Overnight Oats with Berries
Overnight oats are a perfect make-ahead breakfast. They have yogurt, milk, oats, and some fruit and you make the mixture the night before and the pudding-like mixture is ready for breakfast the next day. We love this blueberry version!
This overnight oats recipe makes two toddler-size breakfast portions (or 1 mama-size serving). Double it to make additional servings.
Banana Oatmeal Muffins
This easy muffin recipe comes together in a blender and is a GREAT way to offer oats if the kids aren’t into regular oatmeal.
With just a handful of nutritious ingredients, you can bake up super easy Banana Oatmeal Muffins to share with the kids. For the best flavor and sweetness, use bananas with a lot of brown spots. Bonus: These store so well in the fridge for days!
Baked Oatmeal Cups with Cinnamon and Raisins
These baked oatmeal cups are an ideal way to serve oatmeal to babies, baby-led weaning style, and to toddlers who like to feed themselves. Oatmeal as finger food? Yes!
Transform plain oats into a yummy and easy to eat finger food with this baked oatmeal recipe. You can double the recipe to make more if desired.
Does my toddler need organic oatmeal?
Organic oatmeal is certified to be grown without pesticides, so it may be a good choice for your toddler. Availability can vary widely depending on where you live and where you shop. Prices can also be twice to three times as much as conventionally grown oats, so keep that in mind if budget is a concern.
What about the potentially harmful chemicals found in oats?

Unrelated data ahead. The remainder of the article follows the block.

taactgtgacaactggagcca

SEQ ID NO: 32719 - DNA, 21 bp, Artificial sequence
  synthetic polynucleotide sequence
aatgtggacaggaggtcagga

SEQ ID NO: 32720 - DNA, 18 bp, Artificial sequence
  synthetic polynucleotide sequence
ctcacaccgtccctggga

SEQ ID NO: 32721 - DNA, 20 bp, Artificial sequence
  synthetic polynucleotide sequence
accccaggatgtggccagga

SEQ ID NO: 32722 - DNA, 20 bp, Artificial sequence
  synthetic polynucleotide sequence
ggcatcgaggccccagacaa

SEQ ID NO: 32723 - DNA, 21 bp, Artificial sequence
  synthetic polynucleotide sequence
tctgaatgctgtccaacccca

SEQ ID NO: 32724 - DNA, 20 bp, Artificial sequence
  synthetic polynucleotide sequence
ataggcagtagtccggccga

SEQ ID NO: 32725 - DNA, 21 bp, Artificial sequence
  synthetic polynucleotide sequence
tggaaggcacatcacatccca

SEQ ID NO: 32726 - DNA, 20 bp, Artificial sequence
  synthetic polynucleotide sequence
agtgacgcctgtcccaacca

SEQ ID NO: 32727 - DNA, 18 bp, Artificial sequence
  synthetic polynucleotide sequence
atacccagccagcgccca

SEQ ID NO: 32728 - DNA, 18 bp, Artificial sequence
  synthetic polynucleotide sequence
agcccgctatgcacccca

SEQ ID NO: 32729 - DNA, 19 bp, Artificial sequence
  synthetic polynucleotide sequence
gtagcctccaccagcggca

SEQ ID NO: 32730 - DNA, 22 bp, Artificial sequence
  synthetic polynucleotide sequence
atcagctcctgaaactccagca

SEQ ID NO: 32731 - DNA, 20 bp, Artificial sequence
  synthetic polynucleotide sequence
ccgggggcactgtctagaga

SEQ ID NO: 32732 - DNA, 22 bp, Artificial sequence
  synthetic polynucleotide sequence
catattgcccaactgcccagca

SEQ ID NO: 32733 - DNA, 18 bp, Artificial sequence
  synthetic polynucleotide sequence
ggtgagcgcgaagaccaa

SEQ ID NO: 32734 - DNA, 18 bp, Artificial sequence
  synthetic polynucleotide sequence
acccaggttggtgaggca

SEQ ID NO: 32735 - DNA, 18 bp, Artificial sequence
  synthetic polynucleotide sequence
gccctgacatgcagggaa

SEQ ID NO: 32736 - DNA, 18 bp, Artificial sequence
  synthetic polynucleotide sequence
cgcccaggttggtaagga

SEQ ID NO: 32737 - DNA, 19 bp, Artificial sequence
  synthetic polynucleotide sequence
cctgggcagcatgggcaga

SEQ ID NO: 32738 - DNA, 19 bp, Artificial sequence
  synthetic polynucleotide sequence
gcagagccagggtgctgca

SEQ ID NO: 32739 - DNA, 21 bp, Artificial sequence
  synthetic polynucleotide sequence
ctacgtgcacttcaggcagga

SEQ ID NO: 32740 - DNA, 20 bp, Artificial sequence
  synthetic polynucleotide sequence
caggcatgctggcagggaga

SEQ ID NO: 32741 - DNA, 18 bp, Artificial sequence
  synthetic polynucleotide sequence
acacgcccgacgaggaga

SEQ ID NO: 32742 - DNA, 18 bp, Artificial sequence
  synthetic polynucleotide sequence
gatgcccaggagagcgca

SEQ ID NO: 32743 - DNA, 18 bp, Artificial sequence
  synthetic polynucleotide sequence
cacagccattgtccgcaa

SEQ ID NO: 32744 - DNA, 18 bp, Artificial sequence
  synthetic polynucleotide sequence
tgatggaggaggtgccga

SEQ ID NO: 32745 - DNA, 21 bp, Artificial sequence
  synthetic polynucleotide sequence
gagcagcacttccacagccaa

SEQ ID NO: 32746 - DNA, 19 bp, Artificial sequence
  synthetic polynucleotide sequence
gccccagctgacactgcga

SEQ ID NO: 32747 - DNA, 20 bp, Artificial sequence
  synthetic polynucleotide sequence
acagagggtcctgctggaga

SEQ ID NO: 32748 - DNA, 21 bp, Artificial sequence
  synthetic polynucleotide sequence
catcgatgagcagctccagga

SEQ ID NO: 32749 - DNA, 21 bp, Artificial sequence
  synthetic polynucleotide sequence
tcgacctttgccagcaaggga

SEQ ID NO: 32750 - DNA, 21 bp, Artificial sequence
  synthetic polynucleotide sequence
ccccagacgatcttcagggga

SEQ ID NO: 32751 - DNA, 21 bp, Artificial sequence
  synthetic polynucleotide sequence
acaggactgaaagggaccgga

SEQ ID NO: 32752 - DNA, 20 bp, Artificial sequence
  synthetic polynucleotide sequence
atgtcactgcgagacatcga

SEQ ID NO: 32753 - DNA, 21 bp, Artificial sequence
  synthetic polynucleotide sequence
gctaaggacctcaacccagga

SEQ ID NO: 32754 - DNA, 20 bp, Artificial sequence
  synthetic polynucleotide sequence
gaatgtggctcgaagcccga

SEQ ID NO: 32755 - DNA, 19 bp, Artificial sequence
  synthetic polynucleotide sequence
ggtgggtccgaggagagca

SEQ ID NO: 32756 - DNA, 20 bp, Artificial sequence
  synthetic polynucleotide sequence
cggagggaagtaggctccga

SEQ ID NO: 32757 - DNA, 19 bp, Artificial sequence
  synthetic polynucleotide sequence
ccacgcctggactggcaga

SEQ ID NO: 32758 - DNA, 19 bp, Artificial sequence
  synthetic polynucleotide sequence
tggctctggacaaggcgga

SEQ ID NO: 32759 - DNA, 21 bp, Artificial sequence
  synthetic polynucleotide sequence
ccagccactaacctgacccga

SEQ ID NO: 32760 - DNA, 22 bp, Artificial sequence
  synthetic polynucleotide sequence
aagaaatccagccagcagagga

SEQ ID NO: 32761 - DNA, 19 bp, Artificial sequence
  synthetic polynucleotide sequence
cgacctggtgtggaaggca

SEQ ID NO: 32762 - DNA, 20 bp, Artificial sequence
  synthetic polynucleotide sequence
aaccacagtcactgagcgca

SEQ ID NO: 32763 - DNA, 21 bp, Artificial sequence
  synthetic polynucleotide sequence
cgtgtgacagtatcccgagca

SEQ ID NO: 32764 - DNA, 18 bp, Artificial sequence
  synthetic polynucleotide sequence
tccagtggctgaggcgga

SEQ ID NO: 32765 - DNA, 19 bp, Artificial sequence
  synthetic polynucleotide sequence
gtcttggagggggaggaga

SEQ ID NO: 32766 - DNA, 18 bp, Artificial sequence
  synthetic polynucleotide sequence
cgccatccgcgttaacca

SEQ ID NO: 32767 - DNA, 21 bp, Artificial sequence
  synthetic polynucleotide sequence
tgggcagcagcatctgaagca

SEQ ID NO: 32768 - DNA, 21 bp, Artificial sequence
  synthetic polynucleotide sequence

There have been a lot of news stories lately about unsafe levels of certain chemicals in oat products. I’d encourage you not to worry excessively about these stories—which often just make us all freak out and bury the actual science!—because if oats are included in a diet along with a lot of other foods, the exposure is likely quite low. You can buy organic versions if you’d like to not worry as much about this issue.
What kind of gluten-free oats are best?
If your toddler needs certified gluten-free oats for an allergy or an intolerance, they are fairly widely available. Bob’s Red Mill is in almost every supermarket and is a reliable brand.
How can I get my picky eater to eat oatmeal?
Like many foods, many oatmeal recipes have a texture that your picky toddler may or may not enjoy. Here are some ideas to try:
- Making it thick or thin by adjusting the amount of water or milk you add.
- Different flavors to give them opportunities to find one they like.
- Try instant oats and rolled oats. Or, move on to steel cut oats or overnight oats to see if they like the texture of one or the other better.
- Add toppings like small seeds, diced soft fruit, a drizzle of nut butter or even yogurt.
- Serve a smaller portion than usual to avoid overwhelming them with too much.
Best Tips for Success
- There are also Peanut Butter Oatmeal Energy Balls and Banana Raisin Breakfast Cookies, which your kiddos might enjoy more than classic oatmeal.
- Use the type of oats listed in the recipe for the best results.
- To make any stovetop oatmeal recipe softer for a younger eater, simply add more water or milk and simmer a little longer so the oats breakdown more.
- Sweeten any oatmeal recipe with honey (for kids over age 1) or maple syrup, or try adding a fruit puree or diced fruit.
This post was first published January 2018.